Mountaineer Jamboree: Country Music in West Virginia (Paperback)Ivan M. Tribe (author)
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Jamboree! To many country music fans the word conjures up memories of Saturday nights around the family radio listening to live broadcasts from that haven of hillbilly music, West Virginia. From 1926 through the 1950s, as Ivan Tribe shows in his lively history, country music radio programming made the Mountain State a mecca for country singers and instrumentalists from all over America.
Wilma Lee and Stoney Cooper, Little Jimmy Dickens, Hawkshaw Hawkins, Red Sovine, Blaine Smith, Curly Ray Cline, Grandpa Jones, Cowboy Loye, Rex and Eleanor Parker, Lee Moore, Buddy Starcher, Doc and Chickie Williams, and Molly O'Day were among the many who came to prominence via West Virginia radio.
Wheeling's "WWVA jamboree," first broadcast in 1933, attracted a wide audience, especially after 1942, when the station increased its power. The show's success spawned numerous competitors, as new stations all over West Virginia followed WWVA's lead in headlining country music.
The state also played an important role in the early recording industry. The Tweedy Brothers, Frank Hutchison, Roy Harvey, Blind Alfred Reed, Frank Welling and John McGhee, Cap and Andy, and the Kessinger Brothers were among West Virginians whose waxings contributed to the state's reputation for fine native musicianship. So too did those who sought out and recorded the Mountaineer folksong heritage.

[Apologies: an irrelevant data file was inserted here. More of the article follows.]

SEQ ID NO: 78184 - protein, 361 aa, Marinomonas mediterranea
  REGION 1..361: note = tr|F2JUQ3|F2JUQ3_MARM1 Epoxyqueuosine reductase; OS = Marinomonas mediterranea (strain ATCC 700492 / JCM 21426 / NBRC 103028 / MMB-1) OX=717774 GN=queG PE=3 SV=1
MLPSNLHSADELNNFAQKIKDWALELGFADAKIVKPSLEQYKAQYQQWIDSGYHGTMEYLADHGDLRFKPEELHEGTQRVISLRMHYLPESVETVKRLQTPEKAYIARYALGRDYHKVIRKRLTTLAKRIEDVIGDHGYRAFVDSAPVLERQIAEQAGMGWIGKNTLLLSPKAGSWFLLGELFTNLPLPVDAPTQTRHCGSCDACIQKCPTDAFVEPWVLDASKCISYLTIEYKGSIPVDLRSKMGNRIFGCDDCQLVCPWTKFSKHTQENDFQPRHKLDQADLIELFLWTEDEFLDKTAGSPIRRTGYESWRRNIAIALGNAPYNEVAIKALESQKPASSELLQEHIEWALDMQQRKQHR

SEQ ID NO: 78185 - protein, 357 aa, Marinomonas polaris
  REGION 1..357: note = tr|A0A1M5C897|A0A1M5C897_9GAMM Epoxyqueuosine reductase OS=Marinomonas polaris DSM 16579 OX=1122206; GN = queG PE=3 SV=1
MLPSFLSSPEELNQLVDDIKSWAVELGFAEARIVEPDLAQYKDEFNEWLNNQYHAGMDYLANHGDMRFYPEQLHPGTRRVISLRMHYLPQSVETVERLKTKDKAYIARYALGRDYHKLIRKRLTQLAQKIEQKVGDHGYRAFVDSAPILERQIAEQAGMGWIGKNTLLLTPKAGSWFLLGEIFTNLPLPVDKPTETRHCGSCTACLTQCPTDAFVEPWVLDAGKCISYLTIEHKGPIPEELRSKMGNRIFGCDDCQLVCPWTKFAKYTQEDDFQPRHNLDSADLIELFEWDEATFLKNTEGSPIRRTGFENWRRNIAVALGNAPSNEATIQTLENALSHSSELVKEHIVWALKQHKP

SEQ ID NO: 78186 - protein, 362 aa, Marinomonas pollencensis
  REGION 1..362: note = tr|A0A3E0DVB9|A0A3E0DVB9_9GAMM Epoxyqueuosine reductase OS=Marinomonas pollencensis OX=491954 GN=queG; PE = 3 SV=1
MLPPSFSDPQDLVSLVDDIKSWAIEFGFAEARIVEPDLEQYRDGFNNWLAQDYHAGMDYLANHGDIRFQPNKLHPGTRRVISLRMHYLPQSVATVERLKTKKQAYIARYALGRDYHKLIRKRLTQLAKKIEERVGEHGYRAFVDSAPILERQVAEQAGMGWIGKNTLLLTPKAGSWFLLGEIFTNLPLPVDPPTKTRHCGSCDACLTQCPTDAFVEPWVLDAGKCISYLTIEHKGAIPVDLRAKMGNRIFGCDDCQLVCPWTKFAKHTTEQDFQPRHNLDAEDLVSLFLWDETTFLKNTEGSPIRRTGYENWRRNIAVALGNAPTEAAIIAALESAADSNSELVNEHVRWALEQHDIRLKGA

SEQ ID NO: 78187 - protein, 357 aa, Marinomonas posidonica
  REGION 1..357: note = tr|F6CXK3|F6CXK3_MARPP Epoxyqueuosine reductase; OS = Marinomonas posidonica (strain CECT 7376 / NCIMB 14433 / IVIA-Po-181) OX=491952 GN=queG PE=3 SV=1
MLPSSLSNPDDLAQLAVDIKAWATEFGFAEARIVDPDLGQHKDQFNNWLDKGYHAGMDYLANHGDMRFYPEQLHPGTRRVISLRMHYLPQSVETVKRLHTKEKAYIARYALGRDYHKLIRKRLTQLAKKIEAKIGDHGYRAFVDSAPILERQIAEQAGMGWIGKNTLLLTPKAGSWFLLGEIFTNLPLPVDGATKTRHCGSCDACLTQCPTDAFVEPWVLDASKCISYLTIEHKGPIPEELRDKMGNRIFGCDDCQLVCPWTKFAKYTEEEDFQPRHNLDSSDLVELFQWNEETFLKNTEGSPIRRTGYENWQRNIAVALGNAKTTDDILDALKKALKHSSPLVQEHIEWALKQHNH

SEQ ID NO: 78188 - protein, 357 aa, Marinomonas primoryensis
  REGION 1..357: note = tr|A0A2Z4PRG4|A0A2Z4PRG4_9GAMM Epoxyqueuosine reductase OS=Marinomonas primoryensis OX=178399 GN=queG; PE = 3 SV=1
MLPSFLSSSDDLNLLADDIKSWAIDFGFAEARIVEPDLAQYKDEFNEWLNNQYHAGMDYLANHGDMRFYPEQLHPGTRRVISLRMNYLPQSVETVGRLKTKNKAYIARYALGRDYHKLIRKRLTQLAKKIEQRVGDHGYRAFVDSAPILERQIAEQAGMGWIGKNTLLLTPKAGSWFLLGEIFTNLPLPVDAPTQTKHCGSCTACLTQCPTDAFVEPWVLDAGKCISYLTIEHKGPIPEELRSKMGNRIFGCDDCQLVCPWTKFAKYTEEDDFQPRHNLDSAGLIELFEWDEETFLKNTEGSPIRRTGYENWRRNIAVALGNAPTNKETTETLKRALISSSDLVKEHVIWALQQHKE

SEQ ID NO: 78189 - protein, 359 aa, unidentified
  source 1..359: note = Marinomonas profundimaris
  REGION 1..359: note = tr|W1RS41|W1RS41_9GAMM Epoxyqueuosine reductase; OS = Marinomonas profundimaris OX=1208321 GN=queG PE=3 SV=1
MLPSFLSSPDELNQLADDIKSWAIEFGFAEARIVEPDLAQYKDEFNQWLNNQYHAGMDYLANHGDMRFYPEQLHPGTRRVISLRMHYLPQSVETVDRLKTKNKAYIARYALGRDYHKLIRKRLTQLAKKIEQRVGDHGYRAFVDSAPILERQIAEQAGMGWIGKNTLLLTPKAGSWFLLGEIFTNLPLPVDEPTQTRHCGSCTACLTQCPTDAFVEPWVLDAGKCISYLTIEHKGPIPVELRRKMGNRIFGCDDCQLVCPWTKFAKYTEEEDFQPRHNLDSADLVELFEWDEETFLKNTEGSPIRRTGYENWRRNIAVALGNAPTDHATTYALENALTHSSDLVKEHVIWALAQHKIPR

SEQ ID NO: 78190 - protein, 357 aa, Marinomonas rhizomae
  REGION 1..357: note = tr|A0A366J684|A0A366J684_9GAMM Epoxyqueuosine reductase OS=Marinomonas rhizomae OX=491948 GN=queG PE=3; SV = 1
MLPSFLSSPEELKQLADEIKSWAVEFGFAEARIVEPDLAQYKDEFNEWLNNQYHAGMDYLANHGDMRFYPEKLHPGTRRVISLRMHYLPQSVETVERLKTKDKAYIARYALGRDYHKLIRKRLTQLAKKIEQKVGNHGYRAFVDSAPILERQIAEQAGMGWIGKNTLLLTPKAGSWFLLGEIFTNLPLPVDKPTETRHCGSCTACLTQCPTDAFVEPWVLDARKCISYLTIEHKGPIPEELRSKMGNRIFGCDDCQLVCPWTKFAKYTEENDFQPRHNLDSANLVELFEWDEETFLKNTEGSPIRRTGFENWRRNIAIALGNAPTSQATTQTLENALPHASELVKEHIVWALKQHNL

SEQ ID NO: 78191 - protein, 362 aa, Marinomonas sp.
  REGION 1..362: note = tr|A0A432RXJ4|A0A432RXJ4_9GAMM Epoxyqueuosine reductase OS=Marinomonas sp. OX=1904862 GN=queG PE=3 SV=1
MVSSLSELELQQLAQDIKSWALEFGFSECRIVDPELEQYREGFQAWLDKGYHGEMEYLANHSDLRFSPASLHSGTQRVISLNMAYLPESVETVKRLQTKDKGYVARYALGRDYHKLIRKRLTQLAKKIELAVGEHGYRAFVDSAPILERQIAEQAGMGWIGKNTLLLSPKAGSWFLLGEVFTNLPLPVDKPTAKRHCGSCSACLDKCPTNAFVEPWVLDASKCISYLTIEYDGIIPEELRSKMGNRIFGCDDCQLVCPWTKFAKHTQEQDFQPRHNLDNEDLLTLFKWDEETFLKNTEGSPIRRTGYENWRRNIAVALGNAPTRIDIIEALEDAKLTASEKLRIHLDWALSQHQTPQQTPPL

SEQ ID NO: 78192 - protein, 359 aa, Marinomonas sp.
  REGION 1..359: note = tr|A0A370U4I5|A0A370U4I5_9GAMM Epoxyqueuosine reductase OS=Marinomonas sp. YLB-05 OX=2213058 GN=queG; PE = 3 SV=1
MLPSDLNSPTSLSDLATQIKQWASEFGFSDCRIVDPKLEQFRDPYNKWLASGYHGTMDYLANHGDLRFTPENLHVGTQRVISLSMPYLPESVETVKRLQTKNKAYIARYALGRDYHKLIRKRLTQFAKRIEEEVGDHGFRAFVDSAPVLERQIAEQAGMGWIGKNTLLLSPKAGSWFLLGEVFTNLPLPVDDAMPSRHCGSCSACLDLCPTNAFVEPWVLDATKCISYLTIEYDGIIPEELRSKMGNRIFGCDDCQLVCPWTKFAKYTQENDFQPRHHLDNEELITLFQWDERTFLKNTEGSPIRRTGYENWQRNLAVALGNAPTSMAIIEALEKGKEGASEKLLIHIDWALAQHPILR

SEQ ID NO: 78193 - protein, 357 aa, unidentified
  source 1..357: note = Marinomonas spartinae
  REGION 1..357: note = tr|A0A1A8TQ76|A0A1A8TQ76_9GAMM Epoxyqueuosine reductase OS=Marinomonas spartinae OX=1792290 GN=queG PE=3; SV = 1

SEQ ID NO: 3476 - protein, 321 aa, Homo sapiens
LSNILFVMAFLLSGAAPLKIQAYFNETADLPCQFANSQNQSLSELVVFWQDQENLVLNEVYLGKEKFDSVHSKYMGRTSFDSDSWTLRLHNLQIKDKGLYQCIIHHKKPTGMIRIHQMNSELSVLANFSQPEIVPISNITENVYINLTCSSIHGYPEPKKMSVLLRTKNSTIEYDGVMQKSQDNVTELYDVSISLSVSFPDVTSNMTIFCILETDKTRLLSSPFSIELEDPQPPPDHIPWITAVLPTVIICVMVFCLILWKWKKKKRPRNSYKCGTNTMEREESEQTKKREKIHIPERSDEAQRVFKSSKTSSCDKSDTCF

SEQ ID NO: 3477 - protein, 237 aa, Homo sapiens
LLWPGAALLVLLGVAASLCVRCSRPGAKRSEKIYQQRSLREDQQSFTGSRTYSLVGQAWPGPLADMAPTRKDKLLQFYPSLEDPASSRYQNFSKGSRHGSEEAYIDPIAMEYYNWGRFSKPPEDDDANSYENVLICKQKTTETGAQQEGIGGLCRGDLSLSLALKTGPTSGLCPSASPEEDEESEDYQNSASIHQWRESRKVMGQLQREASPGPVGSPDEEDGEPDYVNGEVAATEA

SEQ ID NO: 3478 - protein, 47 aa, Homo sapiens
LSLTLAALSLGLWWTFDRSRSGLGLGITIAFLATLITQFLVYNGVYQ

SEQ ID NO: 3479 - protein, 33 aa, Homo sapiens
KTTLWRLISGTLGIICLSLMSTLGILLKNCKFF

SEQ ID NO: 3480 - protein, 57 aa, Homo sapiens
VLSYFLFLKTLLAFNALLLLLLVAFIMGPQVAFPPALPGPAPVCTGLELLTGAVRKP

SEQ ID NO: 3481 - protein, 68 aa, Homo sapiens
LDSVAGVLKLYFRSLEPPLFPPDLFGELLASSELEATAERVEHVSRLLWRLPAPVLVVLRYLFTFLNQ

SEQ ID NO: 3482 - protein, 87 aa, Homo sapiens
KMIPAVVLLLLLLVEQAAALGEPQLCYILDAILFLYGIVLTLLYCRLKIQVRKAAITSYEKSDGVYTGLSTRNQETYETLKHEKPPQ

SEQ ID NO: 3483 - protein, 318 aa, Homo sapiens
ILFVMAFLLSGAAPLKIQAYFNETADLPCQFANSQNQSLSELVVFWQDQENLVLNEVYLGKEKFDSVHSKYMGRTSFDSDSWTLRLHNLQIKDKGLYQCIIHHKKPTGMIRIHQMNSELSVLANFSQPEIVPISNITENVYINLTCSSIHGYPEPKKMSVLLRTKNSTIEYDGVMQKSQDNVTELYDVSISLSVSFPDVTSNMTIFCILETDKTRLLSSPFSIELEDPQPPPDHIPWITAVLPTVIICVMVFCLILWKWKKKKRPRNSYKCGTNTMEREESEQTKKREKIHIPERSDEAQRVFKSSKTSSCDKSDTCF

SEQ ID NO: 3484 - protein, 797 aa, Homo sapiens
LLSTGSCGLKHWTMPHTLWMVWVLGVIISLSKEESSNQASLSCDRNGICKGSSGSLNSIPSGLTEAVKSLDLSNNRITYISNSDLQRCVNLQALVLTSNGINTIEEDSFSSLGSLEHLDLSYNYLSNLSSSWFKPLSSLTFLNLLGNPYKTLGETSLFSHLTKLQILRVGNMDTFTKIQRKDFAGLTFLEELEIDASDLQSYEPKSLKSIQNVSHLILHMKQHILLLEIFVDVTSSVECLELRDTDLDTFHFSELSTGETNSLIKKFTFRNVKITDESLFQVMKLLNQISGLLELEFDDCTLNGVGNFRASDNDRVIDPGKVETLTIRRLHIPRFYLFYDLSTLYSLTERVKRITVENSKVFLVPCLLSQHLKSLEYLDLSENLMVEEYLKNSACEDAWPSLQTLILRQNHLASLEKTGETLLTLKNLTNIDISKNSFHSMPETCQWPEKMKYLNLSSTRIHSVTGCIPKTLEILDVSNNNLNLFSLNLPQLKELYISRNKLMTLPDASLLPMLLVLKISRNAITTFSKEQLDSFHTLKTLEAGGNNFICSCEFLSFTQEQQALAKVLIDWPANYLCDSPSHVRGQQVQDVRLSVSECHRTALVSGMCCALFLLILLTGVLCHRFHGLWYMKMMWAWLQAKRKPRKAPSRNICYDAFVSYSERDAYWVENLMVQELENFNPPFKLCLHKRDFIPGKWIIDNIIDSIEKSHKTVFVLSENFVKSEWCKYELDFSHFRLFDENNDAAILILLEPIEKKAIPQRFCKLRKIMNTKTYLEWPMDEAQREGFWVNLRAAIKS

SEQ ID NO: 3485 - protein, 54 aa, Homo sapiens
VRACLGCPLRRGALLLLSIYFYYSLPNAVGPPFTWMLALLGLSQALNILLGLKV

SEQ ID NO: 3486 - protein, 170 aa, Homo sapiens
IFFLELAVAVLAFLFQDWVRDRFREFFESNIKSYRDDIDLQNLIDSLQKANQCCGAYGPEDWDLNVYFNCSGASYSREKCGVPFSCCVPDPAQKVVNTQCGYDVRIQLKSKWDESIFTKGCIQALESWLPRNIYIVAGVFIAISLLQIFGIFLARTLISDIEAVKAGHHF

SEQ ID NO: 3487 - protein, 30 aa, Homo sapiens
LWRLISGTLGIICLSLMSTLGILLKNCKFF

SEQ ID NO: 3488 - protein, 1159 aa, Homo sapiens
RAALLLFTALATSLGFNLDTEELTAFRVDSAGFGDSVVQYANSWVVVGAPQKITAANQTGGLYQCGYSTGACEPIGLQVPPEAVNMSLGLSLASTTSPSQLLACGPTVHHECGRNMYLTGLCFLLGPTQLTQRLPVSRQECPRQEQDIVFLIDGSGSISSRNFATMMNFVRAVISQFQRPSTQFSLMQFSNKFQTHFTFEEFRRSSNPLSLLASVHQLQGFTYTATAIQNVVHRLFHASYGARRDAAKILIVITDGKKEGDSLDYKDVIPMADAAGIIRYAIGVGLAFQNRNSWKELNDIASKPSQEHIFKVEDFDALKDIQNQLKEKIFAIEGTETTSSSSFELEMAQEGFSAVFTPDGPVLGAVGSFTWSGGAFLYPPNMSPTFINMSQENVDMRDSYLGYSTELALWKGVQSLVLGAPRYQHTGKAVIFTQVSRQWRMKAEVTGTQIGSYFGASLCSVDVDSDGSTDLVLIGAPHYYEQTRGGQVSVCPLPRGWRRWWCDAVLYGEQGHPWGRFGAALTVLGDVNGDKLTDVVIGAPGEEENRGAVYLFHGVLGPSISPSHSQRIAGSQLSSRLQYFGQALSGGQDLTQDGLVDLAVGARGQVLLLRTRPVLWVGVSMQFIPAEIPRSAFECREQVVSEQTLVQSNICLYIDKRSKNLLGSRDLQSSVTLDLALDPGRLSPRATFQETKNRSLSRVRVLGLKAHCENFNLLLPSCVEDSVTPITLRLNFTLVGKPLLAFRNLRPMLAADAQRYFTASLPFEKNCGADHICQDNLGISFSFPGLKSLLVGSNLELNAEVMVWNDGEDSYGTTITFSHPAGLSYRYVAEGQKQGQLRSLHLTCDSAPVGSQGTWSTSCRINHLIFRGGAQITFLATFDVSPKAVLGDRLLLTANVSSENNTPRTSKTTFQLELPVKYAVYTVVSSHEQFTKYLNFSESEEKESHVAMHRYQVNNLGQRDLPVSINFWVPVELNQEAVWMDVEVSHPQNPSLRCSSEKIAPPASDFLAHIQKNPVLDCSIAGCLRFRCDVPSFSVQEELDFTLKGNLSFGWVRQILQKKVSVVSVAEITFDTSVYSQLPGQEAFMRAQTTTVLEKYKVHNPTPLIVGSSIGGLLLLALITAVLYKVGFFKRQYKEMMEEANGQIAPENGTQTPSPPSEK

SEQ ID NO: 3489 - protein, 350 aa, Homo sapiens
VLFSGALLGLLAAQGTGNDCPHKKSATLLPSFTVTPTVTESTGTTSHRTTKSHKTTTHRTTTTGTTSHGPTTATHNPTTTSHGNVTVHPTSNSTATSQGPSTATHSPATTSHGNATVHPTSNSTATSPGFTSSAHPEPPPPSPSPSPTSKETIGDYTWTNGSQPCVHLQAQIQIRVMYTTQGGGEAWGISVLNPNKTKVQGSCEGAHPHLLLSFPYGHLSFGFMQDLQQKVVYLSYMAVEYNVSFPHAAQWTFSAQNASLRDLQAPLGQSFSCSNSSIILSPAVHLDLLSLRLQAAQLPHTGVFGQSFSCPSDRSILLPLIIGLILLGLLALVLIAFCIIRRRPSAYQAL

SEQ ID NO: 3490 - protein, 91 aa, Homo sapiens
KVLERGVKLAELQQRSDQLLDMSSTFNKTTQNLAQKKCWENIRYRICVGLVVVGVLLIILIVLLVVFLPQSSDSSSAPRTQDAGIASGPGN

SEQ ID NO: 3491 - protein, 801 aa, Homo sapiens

As Nashville's dominance has grown since the 1960s, West Virginia's leadership in country music has lessened. Young performers must now seek fame outside their native state. But, as Ivan Tribe demonstrates, the state's numerous outdoor festivals continue to keep alive the heritage of country music's "mountain mama."
Publisher: The University Press of Kentucky
Number of pages: 243
Weight: 421 g
Dimensions: 229 x 152 x 16 mm
"No fan of country music can afford to be without this book." -- Huntington Herald-Dispatch
"Tribe writes with an insider's knowledge, having grown up listening to many of these performers." -- Journal of Southern History
"What emerges is a much deeper understanding of how vital early commercial country music was in this area of Appalachia, serving both as a means of reinforcing local culture and tying it to the world outside the region, thanks to recordings and the broadcast media." -- 1998 Yearbook for Traditional Music
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